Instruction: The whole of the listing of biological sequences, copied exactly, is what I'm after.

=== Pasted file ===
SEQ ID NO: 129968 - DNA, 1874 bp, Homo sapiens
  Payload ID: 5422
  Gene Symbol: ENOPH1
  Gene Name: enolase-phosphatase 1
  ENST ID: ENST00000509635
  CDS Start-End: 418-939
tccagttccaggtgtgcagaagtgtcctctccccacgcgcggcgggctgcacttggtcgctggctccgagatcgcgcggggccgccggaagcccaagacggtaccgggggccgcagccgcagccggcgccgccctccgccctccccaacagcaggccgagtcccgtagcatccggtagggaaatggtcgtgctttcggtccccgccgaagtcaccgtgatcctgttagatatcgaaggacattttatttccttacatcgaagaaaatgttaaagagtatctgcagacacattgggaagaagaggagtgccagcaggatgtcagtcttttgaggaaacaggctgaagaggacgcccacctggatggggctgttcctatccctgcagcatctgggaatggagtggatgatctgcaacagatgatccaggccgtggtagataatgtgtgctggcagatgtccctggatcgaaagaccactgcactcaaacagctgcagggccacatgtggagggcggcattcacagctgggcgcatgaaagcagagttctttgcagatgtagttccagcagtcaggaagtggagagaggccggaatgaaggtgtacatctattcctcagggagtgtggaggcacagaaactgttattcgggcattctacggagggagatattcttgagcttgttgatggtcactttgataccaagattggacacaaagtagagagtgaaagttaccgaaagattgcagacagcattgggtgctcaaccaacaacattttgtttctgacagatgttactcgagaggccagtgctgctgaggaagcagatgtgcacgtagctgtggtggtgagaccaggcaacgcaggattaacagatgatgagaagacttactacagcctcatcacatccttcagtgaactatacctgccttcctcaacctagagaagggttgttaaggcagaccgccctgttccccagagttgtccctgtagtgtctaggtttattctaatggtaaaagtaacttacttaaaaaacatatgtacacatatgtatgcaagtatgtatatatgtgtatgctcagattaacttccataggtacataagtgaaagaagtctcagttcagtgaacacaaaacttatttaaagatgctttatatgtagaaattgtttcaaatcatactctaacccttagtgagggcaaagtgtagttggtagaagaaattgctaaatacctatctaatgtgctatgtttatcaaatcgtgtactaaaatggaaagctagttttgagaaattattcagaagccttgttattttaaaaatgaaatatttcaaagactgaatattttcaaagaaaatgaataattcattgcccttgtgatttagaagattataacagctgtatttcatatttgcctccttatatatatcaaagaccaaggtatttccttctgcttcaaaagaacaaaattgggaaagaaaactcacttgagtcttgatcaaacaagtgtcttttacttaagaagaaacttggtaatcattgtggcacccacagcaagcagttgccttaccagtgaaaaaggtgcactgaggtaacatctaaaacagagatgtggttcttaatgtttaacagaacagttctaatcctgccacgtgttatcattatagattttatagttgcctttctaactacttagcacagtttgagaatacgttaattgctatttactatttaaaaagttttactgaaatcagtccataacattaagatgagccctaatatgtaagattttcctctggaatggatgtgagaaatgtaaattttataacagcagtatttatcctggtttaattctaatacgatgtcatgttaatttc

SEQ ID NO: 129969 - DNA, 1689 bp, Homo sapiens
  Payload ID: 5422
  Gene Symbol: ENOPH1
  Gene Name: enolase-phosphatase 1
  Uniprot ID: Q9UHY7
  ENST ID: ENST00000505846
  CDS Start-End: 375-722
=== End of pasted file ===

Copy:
SEQ ID NO: 129968 - DNA, 1874 bp, Homo sapiens
  Payload ID: 5422
  Gene Symbol: ENOPH1
  Gene Name: enolase-phosphatase 1
  ENST ID: ENST00000509635
  CDS Start-End: 418-939
tccagttccaggtgtgcagaagtgtcctctccccacgcgcggcgggctgcacttggtcgctggctccgagatcgcgcggggccgccggaagcccaagacggtaccgggggccgcagccgcagccggcgccgccctccgccctccccaacagcaggccgagtcccgtagcatccggtagggaaatggtcgtgctttcggtccccgccgaagtcaccgtgatcctgttagatatcgaaggacattttatttccttacatcgaagaaaatgttaaagagtatctgcagacacattgggaagaagaggagtgccagcaggatgtcagtcttttgaggaaacaggctgaagaggacgcccacctggatggggctgttcctatccctgcagcatctgggaatggagtggatgatctgcaacagatgatccaggccgtggtagataatgtgtgctggcagatgtccctggatcgaaagaccactgcactcaaacagctgcagggccacatgtggagggcggcattcacagctgggcgcatgaaagcagagttctttgcagatgtagttccagcagtcaggaagtggagagaggccggaatgaaggtgtacatctattcctcagggagtgtggaggcacagaaactgttattcgggcattctacggagggagatattcttgagcttgttgatggtcactttgataccaagattggacacaaagtagagagtgaaagttaccgaaagattgcagacagcattgggtgctcaaccaacaacattttgtttctgacagatgttactcgagaggccagtgctgctgaggaagcagatgtgcacgtagctgtggtggtgagaccaggcaacgcaggattaacagatgatgagaagacttactacagcctcatcacatccttcagtgaactatacctgccttcctcaacctagagaagggttgttaaggcagaccgccctgttccccagagttgtccctgtagtgtctaggtttattctaatggtaaaagtaacttacttaaaaaacatatgtacacatatgtatgcaagtatgtatatatgtgtatgctcagattaacttccataggtacataagtgaaagaagtctcagttcagtgaacacaaaacttatttaaagatgctttatatgtagaaattgtttcaaatcatactctaacccttagtgagggcaaagtgtagttggtagaagaaattgctaaatacctatctaatgtgctatgtttatcaaatcgtgtactaaaatggaaagctagttttgagaaattattcagaagccttgttattttaaaaatgaaatatttcaaagactgaatattttcaaagaaaatgaataattcattgcccttgtgatttagaagattataacagctgtatttcatatttgcctccttatatatatcaaagaccaaggtatttccttctgcttcaaaagaacaaaattgggaaagaaaactcacttgagtcttgatcaaacaagtgtcttttacttaagaagaaacttggtaatcattgtggcacccacagcaagcagttgccttaccagtgaaaaaggtgcactgaggtaacatctaaaacagagatgtggttcttaatgtttaacagaacagttctaatcctgccacgtgttatcattatagattttatagttgcctttctaactacttagcacagtttgagaatacgttaattgctatttactatttaaaaagttttactgaaatcagtccataacattaagatgagccctaatatgtaagattttcctctggaatggatgtgagaaatgtaaattttataacagcagtatttatcctggtttaattctaatacgatgtcatgttaatttc

SEQ ID NO: 129969 - DNA, 1689 bp, Homo sapiens
  Payload ID: 5422
  Gene Symbol: ENOPH1
  Gene Name: enolase-phosphatase 1
  Uniprot ID: Q9UHY7
  ENST ID: ENST00000505846
  CDS Start-End: 375-722